Art with bite: Shark school students show their creative teeth

- July 9, 2019

Student Sylwia Daszkowski's shark painting. (Provided images)
Student Sylwia Daszkowski's shark painting. (Provided images)

When Dalhousie veterinarian Chris Harvey-Clark noticed some of his students weren’t joining in on class discussions as much as he would like, he decided to try something a little unorthodox to boost class participation.
Dr. Harvey-Clark, the university’s director of animal care, offered students in his popular summer shark course the chance to boost one part of their mark.
All they had to do was make some shark art.
“We’ve had a tattoo, a haiku, a pancake in the shape of a manta ray -- anything to do with sharks,” says Dr. Harvey-Clark, listing just some of the items that have landed on his desk since he introduced the course’s art component a few years ago.

Some of the mostly third-year students “Biology and Conservation of Sharks, Skates and Rays” have gotten a bit cheeky with the concept, like when Dr. Harvey-Clarke received ‘bite coins’ -- currency with sharks painted on them, in a spin-off of BitCoin. He’s also gotten a shark-shaped sleeping bag, a wood burning of the seven sharks of Atlantic Canada, a painting of a whale shark and an image of a blue shark inspired by pop artist Roy Lichtenstein.
Dr. Harvey-Clark tries to foster a lot of classroom discussion and feedback from his students, but one year noticed they were not as communicative as in previous years. So he added the artistic component to encourage students to share their thoughts while expressing their understanding and fascination with various shark, skate and ray species in creative, outside-the-box ways. And it’s been a hit ever since.

Shark school in session

Caleb Beck, a fourth-year honours Marine Biology major, turned to his experience as a bartender to come up with an art project.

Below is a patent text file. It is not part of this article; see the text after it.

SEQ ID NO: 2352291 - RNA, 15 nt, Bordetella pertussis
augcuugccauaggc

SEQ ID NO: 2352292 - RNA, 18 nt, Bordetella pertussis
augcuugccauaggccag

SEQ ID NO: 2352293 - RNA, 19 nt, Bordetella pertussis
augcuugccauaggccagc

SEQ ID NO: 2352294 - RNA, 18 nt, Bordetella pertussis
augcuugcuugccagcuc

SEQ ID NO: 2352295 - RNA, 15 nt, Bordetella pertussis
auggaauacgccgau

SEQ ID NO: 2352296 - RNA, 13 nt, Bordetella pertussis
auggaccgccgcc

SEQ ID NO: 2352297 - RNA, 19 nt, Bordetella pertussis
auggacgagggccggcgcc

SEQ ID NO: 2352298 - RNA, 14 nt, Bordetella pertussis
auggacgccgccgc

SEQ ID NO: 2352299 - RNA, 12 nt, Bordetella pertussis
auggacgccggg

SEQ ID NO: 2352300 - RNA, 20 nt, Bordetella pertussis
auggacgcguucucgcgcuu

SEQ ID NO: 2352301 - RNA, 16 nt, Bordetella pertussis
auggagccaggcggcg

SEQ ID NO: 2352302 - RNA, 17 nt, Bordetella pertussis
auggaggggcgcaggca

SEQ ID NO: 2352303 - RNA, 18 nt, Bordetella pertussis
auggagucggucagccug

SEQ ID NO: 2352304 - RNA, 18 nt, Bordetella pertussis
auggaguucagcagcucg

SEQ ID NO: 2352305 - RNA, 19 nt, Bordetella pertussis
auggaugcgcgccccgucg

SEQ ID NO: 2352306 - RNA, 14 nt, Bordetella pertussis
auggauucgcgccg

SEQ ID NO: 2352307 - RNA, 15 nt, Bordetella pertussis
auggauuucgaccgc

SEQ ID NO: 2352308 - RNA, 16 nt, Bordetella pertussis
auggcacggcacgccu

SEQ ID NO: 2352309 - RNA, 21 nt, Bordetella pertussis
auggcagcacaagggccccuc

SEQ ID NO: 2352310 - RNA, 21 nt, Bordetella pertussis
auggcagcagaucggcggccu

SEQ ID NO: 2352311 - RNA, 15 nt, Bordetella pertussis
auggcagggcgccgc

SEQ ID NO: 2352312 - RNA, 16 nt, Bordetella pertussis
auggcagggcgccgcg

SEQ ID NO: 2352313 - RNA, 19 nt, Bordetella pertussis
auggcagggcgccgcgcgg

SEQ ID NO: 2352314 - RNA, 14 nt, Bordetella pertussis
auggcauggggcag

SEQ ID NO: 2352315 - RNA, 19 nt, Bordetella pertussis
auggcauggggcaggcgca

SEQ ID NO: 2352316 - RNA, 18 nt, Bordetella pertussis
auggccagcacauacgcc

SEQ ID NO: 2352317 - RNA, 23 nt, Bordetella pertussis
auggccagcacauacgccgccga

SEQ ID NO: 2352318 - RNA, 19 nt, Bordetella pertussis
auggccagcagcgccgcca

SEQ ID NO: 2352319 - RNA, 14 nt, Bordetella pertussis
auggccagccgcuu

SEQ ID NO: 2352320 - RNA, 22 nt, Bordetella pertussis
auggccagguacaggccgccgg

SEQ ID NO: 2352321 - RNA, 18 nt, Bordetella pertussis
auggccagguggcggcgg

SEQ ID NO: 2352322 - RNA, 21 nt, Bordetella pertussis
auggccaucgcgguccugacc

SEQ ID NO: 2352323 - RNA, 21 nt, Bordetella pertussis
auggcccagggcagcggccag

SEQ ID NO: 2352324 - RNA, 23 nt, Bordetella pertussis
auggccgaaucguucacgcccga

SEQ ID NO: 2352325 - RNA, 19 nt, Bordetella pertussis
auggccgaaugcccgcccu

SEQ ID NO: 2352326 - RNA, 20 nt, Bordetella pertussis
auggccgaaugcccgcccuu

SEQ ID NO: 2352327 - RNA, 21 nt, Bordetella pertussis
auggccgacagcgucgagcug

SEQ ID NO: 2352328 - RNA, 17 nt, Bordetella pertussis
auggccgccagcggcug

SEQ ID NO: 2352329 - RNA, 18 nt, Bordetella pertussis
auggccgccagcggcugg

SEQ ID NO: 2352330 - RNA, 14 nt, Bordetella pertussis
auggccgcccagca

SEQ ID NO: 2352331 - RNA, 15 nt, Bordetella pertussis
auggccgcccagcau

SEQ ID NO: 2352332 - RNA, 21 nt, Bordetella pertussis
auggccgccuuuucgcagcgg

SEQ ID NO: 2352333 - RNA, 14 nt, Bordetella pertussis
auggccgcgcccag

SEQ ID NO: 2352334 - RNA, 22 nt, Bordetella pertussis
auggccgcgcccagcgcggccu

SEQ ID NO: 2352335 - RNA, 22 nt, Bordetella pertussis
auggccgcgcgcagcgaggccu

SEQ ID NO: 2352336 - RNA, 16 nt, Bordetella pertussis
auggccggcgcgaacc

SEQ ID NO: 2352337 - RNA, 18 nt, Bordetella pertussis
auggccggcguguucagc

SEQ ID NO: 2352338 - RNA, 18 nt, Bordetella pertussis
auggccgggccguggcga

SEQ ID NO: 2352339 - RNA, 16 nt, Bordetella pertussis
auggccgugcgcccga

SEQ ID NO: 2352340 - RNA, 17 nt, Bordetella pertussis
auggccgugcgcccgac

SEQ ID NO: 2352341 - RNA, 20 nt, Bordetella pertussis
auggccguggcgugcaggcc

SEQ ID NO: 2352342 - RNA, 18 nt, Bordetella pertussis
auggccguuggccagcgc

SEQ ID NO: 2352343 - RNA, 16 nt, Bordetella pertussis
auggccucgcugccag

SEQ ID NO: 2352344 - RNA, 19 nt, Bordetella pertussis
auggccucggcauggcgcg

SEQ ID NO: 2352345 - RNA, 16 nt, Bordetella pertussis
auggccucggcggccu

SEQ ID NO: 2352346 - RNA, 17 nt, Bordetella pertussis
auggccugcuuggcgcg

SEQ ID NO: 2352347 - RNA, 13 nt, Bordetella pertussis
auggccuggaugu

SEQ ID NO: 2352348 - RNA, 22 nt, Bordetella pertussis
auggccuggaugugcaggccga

“I ended up making iced tea with frozen shark-shaped pineapple ice cubes in it,” he said.
“I've worked a few bartending-serving jobs, so making drinks is my strongest artistic talent, plus it was nice for us to have a treat after the exam!”
The two-and-half week course, part of the Department of Biology’s SEASIDE summer program, is in its seventh year and is in big demand.
Dr. Harvey-Clark says they can get up to 80 applications for only 18 spots, each submission requiring an interview and an essay. Part of the appeal might be that students get to spend time at sea, catching sharks to be tagged while also learning about working with sharks in the water.
The objective is to teach students about the diversity, physiology and anatomy of elasmobranches – skates, sharks and rays – and explore the threats against them, tools for protection and the role they play in the ecosystem.
“It is a unique course in North America because it combines classroom work with field work,” said Dr. Harvey-Clark.
“It’s very hands-on. Students get to reel in a shark, while someone is running a stop watch and someone is at the head making sure that the shark is getting fresh water flow.”

Local collaborations

During his time in the course, Beck was involved in the dissections of a skate and a spiny dogfish. (No animals are killed for the course — the specimens for dissection come from accidental bycatch from fisheries, offering students another important lesson in conservation.) He says the experience was invaluable, albeit a little stinky
“They are valuable tools for teaching,” he said.
“There were aspects of their physiology -- such as the dogfish's liver or the skate’s reproductive system -- that I had seen in slideshows a million times, but I never really understood until I could see and touch them for myself.”

Dr. Harvey-Clark uses a local fisherman to help with blue shark tagging, which involves using a barbless hook to catch the shark before students lift it carefully on board and carry it to a surgery table. The instructors, using aseptic surgical technique, make a small incision and insert a tiny sterilised acoustic transmitter into the shark’s abdomen. The transmitter sends out continuous pings with the shark’s identification and location to nearby receivers, allowing the animal to be tracked for up to 10 years.
He says a lot of the students who have taken the course have gone on to work in other labs or research facilities “where they get do all things sharky.”
Beck, who grew up far from the ocean in northern Ontario, says he hopes to go to grad school and work in academia someday.
“I have always been fascinated by sharks since I was a kid and having a chance to learn from some of the top shark researchers in the world was a chance I couldn’t pass up,” he said.

Art credits
- Pancakes: Kate Medcalf
- Wood burning: Riley Marchand

Watch: Shark School class 2015 video


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